UPDATE: We recently made a much better Blueberry Sorbet using wild Scottish Blaeberries.
Last May Big D took me to the Vintner Rooms in Leith for dinner with his mum… That could be interesting enough in itself, but what we’re talking about here is frozen dessert.When it came to the pudding course, I ordered “blueberry vacherin glacé with raspberry coulis”, which the italian guy told me meant blueberry sorbet. I had to see if it lived up to my own skills. While I patiently waited, the waiter prepared “crepes suzette” for Big D’s mother right at our table, slowly caramelizing sugar using a little bit of lemon over an open flame. Quite a little performance indeed. But my blueberry sorbet was yet to come…
Soon I was looking at a small purple cylinder on top of some crunchy meringue (apparently this is what makes it “vacherin”) with a decoration of raspberry sauce (the “coulis”). Suspiciously, I dipped my spoon into the delicate cylinder and lifted a taste to my lips…. A wonderful blueberry flavour in a deliciously smooth sorbet! I could have dispensed with all the extra-fancy-french bits (like the meringue, etc.), which didn’t really do it any favours, but I was suitably impressed.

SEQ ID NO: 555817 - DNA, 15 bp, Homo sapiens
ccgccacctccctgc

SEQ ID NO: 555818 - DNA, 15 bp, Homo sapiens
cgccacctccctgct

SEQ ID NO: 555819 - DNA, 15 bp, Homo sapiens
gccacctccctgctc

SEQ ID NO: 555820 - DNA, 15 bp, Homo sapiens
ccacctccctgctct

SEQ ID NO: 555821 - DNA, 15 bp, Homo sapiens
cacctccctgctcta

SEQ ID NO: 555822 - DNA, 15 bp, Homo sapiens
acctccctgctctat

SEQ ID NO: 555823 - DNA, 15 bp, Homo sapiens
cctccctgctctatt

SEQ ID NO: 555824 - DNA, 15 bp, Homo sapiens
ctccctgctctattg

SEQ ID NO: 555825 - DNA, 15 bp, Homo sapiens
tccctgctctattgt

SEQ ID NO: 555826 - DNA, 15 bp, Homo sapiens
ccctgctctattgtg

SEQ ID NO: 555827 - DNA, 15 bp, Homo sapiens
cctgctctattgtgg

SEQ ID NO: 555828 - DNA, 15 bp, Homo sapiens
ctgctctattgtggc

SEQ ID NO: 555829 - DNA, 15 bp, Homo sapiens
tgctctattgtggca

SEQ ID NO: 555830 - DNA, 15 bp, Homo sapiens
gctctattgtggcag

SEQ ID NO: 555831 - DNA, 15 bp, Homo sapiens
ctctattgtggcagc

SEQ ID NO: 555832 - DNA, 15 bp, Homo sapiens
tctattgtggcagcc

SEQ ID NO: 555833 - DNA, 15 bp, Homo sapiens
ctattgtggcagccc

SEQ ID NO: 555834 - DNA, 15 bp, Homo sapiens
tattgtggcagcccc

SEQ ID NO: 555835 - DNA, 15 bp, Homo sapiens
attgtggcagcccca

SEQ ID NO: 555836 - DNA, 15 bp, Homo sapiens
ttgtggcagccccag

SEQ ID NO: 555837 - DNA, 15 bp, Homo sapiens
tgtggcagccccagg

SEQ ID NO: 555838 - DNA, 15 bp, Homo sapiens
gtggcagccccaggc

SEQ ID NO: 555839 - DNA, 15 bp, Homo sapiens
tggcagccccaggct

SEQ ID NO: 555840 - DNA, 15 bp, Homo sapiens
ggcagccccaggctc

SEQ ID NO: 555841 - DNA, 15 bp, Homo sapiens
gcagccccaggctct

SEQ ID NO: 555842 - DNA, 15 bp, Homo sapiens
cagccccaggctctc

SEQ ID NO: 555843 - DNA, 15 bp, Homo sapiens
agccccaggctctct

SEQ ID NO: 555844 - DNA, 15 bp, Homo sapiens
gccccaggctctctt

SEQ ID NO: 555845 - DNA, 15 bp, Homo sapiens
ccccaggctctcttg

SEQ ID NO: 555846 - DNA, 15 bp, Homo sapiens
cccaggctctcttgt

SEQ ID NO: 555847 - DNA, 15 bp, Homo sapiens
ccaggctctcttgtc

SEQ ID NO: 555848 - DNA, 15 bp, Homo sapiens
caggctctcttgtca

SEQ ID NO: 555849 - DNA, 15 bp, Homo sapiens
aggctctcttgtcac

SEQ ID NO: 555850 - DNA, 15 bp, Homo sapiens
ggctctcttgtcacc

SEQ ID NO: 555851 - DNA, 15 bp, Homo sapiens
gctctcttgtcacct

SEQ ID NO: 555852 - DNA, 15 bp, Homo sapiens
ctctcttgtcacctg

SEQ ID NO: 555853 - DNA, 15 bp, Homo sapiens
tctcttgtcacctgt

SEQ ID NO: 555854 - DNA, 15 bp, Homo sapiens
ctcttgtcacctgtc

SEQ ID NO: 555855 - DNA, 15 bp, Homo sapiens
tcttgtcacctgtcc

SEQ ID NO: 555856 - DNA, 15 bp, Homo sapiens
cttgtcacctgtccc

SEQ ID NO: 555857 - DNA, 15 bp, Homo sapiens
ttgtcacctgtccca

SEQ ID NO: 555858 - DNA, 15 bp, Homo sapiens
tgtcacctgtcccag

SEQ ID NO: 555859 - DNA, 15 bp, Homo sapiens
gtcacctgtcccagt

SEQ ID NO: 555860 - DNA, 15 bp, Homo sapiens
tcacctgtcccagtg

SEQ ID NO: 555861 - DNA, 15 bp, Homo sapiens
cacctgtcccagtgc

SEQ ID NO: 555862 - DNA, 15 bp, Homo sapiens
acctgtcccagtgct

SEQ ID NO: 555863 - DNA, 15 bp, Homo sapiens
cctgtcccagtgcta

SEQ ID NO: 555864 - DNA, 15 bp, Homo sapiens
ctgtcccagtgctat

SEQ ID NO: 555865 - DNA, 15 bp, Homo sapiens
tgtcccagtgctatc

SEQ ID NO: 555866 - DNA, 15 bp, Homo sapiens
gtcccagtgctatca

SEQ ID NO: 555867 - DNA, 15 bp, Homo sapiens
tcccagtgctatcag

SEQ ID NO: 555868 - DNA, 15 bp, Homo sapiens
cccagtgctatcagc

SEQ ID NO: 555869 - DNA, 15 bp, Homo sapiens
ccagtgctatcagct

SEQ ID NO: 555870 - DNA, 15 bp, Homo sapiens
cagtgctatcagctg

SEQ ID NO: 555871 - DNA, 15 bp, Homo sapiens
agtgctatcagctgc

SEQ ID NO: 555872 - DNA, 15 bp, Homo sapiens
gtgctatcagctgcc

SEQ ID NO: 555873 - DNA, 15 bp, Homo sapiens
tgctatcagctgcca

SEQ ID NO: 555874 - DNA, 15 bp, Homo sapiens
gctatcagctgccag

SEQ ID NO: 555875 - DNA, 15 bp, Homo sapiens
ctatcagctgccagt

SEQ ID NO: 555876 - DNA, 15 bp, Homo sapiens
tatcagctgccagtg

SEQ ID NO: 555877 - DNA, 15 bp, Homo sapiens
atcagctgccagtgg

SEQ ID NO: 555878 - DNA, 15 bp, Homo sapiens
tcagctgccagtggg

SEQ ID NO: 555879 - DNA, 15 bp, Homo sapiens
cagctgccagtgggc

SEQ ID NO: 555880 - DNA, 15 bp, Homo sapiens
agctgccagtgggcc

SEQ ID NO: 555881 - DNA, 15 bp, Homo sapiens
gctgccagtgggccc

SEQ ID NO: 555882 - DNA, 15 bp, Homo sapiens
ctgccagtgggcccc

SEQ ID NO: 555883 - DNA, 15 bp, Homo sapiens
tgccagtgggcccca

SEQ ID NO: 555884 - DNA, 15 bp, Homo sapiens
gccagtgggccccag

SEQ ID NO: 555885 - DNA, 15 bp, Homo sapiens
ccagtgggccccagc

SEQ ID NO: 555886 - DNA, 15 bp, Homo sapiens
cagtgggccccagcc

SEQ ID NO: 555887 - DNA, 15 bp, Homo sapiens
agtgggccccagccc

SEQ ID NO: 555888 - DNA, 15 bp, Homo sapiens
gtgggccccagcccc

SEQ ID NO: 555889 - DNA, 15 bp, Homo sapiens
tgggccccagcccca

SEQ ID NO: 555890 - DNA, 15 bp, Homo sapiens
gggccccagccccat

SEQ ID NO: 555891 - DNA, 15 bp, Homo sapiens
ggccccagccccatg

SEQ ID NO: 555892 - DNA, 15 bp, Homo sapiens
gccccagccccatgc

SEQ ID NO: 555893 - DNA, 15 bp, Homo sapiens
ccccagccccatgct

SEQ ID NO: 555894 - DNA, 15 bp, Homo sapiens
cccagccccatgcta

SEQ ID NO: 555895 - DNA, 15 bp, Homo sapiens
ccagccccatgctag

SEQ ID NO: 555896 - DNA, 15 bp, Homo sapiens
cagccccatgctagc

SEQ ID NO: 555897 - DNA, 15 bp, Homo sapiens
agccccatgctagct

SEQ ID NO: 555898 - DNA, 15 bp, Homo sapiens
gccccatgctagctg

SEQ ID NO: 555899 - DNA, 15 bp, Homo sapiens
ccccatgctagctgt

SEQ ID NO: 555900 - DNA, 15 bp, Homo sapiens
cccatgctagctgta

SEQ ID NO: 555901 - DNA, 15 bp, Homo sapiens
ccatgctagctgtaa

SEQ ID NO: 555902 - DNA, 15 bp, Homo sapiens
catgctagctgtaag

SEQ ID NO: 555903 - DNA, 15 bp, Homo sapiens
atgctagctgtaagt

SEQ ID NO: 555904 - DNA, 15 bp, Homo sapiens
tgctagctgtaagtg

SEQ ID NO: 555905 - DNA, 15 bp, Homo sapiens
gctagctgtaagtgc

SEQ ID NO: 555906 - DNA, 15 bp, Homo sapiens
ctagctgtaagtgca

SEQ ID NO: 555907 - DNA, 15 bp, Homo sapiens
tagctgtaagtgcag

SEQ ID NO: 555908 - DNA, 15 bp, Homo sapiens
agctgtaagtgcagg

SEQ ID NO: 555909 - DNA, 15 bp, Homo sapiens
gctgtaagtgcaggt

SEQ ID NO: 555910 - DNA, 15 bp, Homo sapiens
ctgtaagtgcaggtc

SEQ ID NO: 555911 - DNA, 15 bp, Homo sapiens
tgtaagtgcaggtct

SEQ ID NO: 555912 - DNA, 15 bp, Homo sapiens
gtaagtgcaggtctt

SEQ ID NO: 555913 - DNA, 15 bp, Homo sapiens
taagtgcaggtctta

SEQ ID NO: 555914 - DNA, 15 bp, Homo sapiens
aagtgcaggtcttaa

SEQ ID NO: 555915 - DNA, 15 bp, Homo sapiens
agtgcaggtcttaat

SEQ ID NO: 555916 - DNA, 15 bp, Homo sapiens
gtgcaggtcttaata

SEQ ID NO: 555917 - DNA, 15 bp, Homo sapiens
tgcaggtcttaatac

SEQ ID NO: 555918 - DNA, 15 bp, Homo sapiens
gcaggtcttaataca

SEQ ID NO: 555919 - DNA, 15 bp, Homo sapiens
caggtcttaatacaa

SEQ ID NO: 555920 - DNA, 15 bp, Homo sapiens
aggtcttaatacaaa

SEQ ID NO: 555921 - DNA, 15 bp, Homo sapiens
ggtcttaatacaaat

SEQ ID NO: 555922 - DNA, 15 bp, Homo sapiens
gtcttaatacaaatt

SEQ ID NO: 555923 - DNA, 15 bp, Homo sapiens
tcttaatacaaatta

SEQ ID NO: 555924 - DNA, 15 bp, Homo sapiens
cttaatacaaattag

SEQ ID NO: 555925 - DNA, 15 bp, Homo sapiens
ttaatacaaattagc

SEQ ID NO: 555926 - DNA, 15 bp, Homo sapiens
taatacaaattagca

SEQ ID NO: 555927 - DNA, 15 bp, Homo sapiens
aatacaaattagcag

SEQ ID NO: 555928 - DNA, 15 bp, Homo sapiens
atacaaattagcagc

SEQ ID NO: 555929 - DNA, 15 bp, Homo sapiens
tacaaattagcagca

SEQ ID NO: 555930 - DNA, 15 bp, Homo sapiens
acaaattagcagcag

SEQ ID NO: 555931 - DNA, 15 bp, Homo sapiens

Of course we intended to make a trip to the highlands in August to gather wild bilberries and make our own sorbet in the hills, but for some reason we never managed to do the trip.
Once the blueberry season was firmly ended, I happened upon this bottle of Blueberry cordial in Good Food.
I’m no expert in sorbet-making, so I thought it might be worth the experiment to see how concentrated juice could work out. So I’ve had this bottle in the cupboard for months, until tonight when we decided to make sorbet on a whim.
The recipe I created was:
- 50cl bottle of Belvoir Farms Organic Blueberry Cordial (containing 230g sugar)
- sugar syrup (350g sugar dissolved into 350ml water)
- enough extra water to bring the density to 18º Baumé
After a good long crank in the wild west, we had it firm enough to eat.
The colour looked great, and the texture was pretty darn good.
But the flavour was kind of a let-down. Rather than that rich fresh blueberry taste I was striving for, it tasted more like… blueberry juice from concentrate. No real surprise really. I guess I just always expect miracles to happen in the White Mountain Freezer while we’re cranking… Lessons learned? Stick to the freshest ingredients, and maybe add some lemon juice to balance out the sweetness in a recipe like this.
So this August you’ll find us out in the hills making the perfect blueberry sorbet.
The next morning we found that our blueberry sorbet was much better on pancakes. Mmmmm!